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Big Old Data

Ian Tree  28 October 2013 10:58:00

Just When Did Data Get Big?

It never did, of course. Data and the demands on processing it have always been bigger than the box of processing capacity that we had to put it in.

I was having a discussion the other evening with some fellow enterprise architects over some of the design challenges they faced in handling the Big Data needs of their respective organisations. Somewhat fuelled by the fact that one of them was picking up the drinks tab I was forced to confront them with the fact that the problems they were grappling with were not the new high frontier of enterprise IT. We have been here before.

Back in the Day

"Back in the Day" in this case is back in the 70's. In those days financial and marketing organisations were crying out for more data to drive their strategic and operational systems and technological development was increasing our capacity to process data. In the marketing arena we had to deal with ever increasing volume and variability of data and the demand to process it at an ever increasing velocity. The challenge was that there were only 24 processing hours in a day and every day there was a new operational schedule of processing that needed to be completed and projections of elapsed processing times were always heading for 36 hours for the daily schedule in the next 6 months.

There was "NoSQL", sorry, I mean "No SQL" at that time. Ted Codd was still busy working on the theory and IBM was toying with experimental designs for "System R". Even if SQL had been around disk storage was so slow, low capacity per unit and hugely expensive that a disk based database of the size needed was a dream too far. The marketing master database was a multi-reel tape sequential file, some of these databases had quite sophisticated data structures consisting of a sequentially serialised form of a hierarchic data structure. Tapes and decks of cards would arrive from data preparation bureaus containing event records and update transactions that needed to be applied to the master database. The incoming transactions would be validated and then sorted into the sequence of the master database. Once the daily input was available then the "Daily Update Run" would commence. The daily update run was a copy with updates process that would read the latest generation of the master database and write a new generation with the updates applied and new records inserted. Once the daily update job was completed then a number of analytics and reporting jobs would have to be run, each requiring a sequential pass through the complete master database. After the analytics jobs had been run then the extraction jobs would be run to extract complex selections of a subset of the data these extracts would be used for generating direct marketing offers and other purposes, again each of these jobs would require a complete sequential pass through the master database.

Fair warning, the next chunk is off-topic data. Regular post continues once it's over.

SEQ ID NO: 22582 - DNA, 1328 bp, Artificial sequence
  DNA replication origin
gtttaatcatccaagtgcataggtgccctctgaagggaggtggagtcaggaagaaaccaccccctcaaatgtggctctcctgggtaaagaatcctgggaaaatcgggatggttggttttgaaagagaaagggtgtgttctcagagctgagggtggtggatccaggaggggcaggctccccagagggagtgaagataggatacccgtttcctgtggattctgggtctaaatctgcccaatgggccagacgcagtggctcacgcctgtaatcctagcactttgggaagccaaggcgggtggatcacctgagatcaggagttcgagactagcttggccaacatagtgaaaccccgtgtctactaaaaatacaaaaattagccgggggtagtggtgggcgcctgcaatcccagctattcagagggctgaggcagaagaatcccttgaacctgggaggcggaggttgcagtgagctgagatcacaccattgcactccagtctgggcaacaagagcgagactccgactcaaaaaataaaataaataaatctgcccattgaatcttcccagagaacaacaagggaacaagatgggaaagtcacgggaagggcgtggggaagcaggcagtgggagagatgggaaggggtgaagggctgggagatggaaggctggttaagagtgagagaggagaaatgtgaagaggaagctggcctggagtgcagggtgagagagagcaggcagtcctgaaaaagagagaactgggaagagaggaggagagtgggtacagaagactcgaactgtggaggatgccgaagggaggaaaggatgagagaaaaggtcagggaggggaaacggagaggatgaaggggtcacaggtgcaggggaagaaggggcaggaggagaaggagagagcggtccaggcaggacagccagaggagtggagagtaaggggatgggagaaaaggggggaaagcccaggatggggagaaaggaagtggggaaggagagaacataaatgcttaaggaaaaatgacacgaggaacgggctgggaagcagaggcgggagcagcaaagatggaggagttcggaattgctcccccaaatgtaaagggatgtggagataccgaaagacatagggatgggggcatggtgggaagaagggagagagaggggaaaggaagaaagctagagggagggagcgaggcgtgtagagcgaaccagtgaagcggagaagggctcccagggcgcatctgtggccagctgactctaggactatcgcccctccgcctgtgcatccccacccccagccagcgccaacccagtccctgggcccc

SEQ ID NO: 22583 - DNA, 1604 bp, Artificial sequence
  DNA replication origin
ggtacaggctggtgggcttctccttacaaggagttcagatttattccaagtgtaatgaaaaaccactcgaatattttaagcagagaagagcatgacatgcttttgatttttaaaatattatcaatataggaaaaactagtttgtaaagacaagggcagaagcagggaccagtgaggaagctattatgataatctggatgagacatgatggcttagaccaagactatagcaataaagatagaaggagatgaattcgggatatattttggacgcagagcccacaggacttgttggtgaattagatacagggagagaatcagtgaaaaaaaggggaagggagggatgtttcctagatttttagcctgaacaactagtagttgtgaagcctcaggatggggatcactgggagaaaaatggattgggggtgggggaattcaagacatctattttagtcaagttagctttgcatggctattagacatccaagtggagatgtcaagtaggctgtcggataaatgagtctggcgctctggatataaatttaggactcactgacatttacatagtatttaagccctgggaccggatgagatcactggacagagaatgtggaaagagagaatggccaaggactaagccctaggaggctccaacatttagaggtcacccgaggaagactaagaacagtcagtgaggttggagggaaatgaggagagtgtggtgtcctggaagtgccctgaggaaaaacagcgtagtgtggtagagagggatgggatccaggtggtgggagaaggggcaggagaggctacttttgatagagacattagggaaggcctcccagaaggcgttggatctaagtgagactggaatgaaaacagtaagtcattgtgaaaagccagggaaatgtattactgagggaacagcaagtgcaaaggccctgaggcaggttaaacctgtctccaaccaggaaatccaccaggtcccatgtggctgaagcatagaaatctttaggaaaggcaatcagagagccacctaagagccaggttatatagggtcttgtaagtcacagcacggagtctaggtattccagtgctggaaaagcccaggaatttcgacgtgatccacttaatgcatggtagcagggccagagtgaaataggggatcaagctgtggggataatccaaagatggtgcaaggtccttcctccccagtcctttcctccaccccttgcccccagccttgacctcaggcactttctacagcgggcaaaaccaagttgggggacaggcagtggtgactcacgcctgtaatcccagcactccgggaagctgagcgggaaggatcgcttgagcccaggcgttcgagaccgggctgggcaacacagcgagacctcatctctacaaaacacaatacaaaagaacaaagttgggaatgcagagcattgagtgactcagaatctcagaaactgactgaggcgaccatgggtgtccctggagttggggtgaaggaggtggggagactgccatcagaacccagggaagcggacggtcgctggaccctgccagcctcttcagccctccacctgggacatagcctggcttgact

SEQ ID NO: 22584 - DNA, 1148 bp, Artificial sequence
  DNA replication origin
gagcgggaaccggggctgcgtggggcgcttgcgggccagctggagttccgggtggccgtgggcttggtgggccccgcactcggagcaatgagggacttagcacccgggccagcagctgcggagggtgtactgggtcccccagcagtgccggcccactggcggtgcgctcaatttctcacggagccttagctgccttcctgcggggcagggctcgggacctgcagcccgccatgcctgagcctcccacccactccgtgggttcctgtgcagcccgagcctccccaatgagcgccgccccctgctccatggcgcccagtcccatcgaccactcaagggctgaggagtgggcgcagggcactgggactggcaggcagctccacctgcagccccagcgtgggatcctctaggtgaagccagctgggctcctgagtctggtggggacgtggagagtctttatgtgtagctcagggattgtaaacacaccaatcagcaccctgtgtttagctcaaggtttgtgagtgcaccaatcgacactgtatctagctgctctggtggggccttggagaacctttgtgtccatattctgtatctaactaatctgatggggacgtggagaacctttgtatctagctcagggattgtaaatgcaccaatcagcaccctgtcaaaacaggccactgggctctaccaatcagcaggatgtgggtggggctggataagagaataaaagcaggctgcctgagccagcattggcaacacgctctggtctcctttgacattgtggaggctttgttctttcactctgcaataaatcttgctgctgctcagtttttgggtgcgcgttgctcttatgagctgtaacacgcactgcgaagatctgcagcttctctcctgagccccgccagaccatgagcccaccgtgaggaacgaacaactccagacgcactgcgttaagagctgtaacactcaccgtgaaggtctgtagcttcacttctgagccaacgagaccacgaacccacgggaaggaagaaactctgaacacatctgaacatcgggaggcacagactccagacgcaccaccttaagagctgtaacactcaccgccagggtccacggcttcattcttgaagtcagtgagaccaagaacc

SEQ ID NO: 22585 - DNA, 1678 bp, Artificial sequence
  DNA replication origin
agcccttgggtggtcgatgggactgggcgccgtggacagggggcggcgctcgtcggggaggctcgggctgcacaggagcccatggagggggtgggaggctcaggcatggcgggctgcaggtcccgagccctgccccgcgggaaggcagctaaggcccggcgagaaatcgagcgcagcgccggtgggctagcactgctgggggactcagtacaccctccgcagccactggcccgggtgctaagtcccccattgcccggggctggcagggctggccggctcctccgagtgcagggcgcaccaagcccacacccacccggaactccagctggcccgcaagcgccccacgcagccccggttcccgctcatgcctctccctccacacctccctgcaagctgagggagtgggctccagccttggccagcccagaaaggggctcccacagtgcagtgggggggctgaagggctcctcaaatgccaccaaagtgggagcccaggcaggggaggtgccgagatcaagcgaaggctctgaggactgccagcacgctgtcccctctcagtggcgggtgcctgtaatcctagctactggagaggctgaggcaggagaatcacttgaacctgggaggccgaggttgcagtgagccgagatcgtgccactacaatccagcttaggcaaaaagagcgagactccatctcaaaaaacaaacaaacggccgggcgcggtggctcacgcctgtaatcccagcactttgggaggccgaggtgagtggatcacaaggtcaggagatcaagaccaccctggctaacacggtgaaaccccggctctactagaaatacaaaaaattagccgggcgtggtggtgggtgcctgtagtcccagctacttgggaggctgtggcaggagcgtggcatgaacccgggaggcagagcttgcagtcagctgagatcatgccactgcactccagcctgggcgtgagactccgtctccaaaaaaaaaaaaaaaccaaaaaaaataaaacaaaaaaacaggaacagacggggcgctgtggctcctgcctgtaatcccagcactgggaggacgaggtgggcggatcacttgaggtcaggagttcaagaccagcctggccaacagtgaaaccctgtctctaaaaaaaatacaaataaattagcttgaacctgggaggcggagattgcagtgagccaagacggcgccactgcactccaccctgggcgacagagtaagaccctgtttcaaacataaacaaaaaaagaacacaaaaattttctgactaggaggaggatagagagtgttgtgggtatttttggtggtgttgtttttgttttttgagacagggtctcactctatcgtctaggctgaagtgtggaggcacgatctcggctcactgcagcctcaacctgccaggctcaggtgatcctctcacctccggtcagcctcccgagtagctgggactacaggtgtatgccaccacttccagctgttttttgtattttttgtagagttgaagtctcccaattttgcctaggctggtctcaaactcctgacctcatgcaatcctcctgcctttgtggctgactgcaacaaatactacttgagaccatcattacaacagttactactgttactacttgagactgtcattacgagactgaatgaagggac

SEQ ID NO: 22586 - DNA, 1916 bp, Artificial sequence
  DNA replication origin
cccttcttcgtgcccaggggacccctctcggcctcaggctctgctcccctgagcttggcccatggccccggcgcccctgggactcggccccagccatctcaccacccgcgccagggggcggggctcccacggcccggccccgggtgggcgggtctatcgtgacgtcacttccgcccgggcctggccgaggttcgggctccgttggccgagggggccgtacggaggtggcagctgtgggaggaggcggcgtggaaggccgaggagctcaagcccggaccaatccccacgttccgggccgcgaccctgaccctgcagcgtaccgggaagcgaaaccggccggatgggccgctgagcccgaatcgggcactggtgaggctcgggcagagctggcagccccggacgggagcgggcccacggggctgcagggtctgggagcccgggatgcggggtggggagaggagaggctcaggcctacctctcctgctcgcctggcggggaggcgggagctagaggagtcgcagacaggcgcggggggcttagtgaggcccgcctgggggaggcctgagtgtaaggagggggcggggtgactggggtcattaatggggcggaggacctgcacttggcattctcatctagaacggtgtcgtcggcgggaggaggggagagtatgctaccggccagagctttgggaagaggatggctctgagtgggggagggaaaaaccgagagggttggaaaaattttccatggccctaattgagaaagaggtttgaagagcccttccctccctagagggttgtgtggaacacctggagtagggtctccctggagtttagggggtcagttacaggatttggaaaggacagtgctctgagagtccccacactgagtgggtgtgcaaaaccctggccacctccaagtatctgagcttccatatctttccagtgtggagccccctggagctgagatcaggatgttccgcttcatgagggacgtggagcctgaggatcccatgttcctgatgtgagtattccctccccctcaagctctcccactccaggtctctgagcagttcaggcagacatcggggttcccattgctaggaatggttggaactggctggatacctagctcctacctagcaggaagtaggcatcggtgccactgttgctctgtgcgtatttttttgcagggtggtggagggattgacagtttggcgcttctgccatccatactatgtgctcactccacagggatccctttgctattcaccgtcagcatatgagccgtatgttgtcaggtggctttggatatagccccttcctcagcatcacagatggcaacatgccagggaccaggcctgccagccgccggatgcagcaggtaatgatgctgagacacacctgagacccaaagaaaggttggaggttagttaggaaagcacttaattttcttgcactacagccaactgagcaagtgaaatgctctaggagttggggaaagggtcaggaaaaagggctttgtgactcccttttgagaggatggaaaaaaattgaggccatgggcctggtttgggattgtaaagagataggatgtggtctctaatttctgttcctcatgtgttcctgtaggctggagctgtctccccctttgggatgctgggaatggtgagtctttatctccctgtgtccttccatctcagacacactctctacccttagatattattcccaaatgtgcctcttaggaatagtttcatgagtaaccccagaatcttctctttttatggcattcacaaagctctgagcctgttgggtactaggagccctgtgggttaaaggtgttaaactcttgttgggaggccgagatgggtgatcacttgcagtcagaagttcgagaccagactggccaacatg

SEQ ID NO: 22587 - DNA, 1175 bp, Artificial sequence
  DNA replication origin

Rising to the Challenge

We started out by partitioning the master database into first two and later into four separate datasets, this allowed the four daily update jobs to be run in parallel. The analytic and reporting jobs were split and their respective outputs would be combined in a new job to produce the final outputs, a kind of primitive Map-Reduce solution. The data extraction jobs were a little more challenging to partition as they were built around some sophisticated fulfilment algorithms that dynamically adjusted record selection probabilities based on the recent achievement history, these required additional work so that they would perform correctly on the partitioned master database. The changes made to the extraction algorithms also resulted in us being able to run all of the extractions required in a single set of jobs, further reducing the elapsed run time for the complete schedule.

The Lesson

Don't get me wrong, I think that we doing some fantastic things with Big Data these days and are finding new and creative solutions to many of the associated problems. However, I also think that we too readily dismiss some of the approaches and solutions that were applied in the past to the equivalent classes of problems.

"Grey hair get's that colour because it leaks from the grey cells beneath."